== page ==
Touring An Apartment: Things To Look For

By Ashley Paskill on February 18, 2019

Touring an apartment is a crucial step before you make a decision as to where you will live. While you may be able to get a sense of what the apartment looks like online, the photos may not be an accurate representation as they may be staged. Touring the apartment allows you to examine various aspects that you are not able to see online and to get questions answered.

new apartment

Image: Anthony Tran via

The neighborhood

The neighborhood can be a determining factor in deciding whether or not an apartment is right for you. If the area surrounding your apartment is not ideal for your lifestyle, you may decide against moving into that apartment. When you are on your tour, ask the landlord about the neighborhood. You can also reach out to other students who stayed there to help you get a student’s perspective on the area.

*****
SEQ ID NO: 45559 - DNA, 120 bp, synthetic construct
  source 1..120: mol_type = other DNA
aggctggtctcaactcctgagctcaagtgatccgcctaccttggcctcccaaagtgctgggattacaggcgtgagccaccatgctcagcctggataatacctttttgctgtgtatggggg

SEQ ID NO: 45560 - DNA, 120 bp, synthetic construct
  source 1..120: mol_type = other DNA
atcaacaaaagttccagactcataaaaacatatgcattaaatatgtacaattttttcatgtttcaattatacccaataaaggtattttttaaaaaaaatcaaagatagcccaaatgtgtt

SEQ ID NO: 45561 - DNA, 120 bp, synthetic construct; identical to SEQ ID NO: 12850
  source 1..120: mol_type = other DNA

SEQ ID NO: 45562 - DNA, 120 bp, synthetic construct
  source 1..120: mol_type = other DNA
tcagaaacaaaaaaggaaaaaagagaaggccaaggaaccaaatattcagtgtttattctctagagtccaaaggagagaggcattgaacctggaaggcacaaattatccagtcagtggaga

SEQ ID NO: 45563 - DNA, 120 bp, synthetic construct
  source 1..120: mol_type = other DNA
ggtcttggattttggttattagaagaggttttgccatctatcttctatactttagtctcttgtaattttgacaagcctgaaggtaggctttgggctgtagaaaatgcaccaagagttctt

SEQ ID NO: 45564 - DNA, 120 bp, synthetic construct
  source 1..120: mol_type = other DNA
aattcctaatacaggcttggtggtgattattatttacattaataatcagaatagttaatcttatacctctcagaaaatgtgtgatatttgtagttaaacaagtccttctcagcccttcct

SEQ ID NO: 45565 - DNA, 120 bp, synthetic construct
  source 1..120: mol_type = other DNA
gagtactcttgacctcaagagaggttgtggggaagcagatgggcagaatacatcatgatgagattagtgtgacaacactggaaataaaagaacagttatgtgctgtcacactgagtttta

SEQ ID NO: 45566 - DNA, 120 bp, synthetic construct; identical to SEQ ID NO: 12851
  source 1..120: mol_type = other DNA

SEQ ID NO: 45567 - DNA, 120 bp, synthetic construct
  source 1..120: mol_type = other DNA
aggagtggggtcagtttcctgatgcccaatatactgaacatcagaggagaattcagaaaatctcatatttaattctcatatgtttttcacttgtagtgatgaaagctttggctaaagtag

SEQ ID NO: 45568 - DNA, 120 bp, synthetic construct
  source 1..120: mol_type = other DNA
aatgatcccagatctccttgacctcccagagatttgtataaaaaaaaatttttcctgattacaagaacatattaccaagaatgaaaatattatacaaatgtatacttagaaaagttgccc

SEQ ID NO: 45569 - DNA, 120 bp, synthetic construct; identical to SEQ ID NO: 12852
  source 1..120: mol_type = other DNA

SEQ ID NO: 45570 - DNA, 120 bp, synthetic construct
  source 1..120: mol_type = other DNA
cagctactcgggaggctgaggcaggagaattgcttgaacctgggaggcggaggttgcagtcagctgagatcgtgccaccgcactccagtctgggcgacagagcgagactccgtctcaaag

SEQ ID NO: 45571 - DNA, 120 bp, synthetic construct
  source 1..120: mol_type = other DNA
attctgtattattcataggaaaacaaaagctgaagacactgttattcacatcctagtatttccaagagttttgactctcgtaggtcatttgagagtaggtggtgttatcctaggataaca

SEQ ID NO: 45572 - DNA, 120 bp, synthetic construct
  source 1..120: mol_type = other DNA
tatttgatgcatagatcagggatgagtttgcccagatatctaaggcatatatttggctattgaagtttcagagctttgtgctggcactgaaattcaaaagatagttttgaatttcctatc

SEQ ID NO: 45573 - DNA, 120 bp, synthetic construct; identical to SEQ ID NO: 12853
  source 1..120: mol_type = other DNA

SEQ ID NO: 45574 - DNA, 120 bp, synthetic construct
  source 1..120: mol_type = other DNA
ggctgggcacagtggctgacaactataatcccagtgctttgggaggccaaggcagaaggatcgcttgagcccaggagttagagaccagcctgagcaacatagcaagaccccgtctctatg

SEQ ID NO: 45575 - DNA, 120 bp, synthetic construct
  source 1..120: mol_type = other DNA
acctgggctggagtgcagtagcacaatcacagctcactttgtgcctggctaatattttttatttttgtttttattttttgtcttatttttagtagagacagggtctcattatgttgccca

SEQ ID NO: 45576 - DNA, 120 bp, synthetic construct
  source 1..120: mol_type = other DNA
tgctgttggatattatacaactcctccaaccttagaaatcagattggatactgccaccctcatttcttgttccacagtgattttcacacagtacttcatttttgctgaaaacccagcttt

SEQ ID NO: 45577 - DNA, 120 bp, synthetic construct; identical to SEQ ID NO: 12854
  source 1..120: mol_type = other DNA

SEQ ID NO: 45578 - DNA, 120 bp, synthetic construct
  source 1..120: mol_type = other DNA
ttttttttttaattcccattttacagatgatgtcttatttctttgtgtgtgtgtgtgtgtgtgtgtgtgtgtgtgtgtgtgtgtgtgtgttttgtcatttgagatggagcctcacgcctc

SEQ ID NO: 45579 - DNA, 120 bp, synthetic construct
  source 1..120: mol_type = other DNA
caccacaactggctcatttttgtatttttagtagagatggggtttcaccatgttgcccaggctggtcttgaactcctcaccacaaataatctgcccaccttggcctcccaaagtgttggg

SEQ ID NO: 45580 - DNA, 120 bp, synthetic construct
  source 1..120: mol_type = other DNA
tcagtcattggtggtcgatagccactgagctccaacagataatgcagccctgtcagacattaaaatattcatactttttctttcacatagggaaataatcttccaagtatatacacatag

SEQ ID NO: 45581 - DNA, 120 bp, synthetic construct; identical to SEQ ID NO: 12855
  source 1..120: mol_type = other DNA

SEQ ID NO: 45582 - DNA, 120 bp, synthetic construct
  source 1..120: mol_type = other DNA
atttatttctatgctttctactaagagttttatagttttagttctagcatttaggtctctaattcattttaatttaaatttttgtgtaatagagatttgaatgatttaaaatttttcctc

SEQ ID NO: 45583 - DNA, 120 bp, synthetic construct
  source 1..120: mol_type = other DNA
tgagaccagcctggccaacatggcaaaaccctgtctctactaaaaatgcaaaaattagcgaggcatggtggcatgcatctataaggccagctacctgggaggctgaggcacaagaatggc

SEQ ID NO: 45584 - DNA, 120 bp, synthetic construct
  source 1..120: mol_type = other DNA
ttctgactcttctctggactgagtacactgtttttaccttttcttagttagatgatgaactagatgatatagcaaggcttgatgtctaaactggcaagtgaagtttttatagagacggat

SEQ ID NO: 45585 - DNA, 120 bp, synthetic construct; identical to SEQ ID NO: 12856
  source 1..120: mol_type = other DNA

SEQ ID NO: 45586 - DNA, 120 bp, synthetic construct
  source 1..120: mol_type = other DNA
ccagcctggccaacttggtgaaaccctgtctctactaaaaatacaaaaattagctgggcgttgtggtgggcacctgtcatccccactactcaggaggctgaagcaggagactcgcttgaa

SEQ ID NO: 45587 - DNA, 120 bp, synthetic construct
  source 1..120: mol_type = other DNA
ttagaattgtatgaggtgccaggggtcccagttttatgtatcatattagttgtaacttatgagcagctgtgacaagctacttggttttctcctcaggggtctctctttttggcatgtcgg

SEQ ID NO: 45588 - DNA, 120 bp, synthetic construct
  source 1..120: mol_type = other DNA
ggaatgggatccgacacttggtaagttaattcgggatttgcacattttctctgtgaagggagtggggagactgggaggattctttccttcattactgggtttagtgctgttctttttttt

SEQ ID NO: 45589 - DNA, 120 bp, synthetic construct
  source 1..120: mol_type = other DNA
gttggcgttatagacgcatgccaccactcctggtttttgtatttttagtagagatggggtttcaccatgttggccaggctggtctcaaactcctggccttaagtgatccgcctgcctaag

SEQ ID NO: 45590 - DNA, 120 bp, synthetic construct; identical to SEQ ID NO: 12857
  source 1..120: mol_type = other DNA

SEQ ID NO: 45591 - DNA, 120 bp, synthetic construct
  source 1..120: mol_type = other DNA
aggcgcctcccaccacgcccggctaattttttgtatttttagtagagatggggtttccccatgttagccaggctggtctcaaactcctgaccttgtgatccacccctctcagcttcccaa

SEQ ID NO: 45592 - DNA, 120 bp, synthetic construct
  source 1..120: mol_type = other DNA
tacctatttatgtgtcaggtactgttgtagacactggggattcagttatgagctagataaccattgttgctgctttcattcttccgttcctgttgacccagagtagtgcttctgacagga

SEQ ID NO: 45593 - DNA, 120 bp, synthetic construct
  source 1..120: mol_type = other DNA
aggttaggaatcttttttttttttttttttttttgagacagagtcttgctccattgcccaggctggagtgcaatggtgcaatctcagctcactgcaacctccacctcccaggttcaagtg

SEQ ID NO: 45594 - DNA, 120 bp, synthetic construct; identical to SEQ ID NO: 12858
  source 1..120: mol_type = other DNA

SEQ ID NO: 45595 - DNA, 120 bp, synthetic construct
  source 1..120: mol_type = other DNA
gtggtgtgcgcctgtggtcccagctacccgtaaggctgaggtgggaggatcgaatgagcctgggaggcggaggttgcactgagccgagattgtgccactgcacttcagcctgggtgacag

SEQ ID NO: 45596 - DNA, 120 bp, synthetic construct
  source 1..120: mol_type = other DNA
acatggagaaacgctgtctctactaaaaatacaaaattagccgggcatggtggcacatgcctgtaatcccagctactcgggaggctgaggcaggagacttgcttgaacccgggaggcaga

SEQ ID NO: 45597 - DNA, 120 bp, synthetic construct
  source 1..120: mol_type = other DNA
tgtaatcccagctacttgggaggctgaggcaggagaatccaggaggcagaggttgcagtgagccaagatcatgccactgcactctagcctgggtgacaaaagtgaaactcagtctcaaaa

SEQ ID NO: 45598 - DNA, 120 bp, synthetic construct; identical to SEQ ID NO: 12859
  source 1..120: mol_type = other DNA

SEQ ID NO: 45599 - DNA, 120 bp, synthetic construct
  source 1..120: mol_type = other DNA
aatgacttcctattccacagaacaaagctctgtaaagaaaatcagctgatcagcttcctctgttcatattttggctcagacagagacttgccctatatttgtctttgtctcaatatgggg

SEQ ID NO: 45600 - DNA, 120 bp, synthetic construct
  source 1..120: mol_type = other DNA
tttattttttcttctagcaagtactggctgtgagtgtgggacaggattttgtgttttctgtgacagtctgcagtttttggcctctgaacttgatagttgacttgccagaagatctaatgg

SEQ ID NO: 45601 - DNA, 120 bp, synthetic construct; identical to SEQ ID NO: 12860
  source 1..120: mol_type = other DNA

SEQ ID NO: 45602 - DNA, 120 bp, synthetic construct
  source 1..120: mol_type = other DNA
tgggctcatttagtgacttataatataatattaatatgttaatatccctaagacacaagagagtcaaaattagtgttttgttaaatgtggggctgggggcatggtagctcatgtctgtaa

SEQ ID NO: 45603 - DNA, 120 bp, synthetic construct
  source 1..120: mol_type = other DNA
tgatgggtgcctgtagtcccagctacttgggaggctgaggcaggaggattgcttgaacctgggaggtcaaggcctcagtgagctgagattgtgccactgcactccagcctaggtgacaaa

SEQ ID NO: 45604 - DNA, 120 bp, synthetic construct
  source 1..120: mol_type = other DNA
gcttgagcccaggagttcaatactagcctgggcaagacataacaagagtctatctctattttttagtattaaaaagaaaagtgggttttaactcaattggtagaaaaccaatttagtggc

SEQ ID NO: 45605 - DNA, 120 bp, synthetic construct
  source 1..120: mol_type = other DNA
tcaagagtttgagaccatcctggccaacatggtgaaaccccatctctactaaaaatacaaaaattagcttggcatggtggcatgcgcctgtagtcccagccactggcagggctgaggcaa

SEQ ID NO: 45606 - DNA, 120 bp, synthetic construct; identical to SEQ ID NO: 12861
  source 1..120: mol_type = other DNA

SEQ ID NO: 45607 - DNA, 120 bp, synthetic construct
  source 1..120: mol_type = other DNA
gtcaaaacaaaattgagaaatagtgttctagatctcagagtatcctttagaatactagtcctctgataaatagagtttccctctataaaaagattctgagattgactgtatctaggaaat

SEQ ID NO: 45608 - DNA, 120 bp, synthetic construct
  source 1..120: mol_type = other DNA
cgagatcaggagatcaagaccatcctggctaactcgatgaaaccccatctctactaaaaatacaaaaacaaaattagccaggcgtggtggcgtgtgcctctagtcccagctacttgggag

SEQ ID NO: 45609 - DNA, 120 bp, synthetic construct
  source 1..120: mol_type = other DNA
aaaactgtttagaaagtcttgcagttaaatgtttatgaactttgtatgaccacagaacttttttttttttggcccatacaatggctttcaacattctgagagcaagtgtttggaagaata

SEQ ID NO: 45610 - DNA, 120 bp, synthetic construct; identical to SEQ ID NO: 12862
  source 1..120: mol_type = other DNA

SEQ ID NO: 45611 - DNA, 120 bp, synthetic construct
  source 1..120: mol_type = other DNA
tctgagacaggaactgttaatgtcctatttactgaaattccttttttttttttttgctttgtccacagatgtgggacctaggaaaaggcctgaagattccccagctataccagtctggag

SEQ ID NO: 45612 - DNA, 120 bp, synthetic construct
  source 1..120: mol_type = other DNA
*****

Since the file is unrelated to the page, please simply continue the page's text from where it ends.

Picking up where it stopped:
The distance from campus is one of the most important factors you will need to consider. If you know parking on campus is difficult or expensive, you will want an apartment that is within reasonable walking distance from campus, or you could ride your bike to campus if your college has bike racks. Also, your city or town may also have public transportation or shuttles that go right to campus, or within walking distance. This is an option if you do not have access to a car and the campus is not within a decent walking distance from your apartment. If the distance is walkable yet the area is not safe, this may limit your evening activities. For students who are active on campus, this may be a major concern. Having campus be within walking distance from your apartment is especially important if you do not have access to a car or public transportation.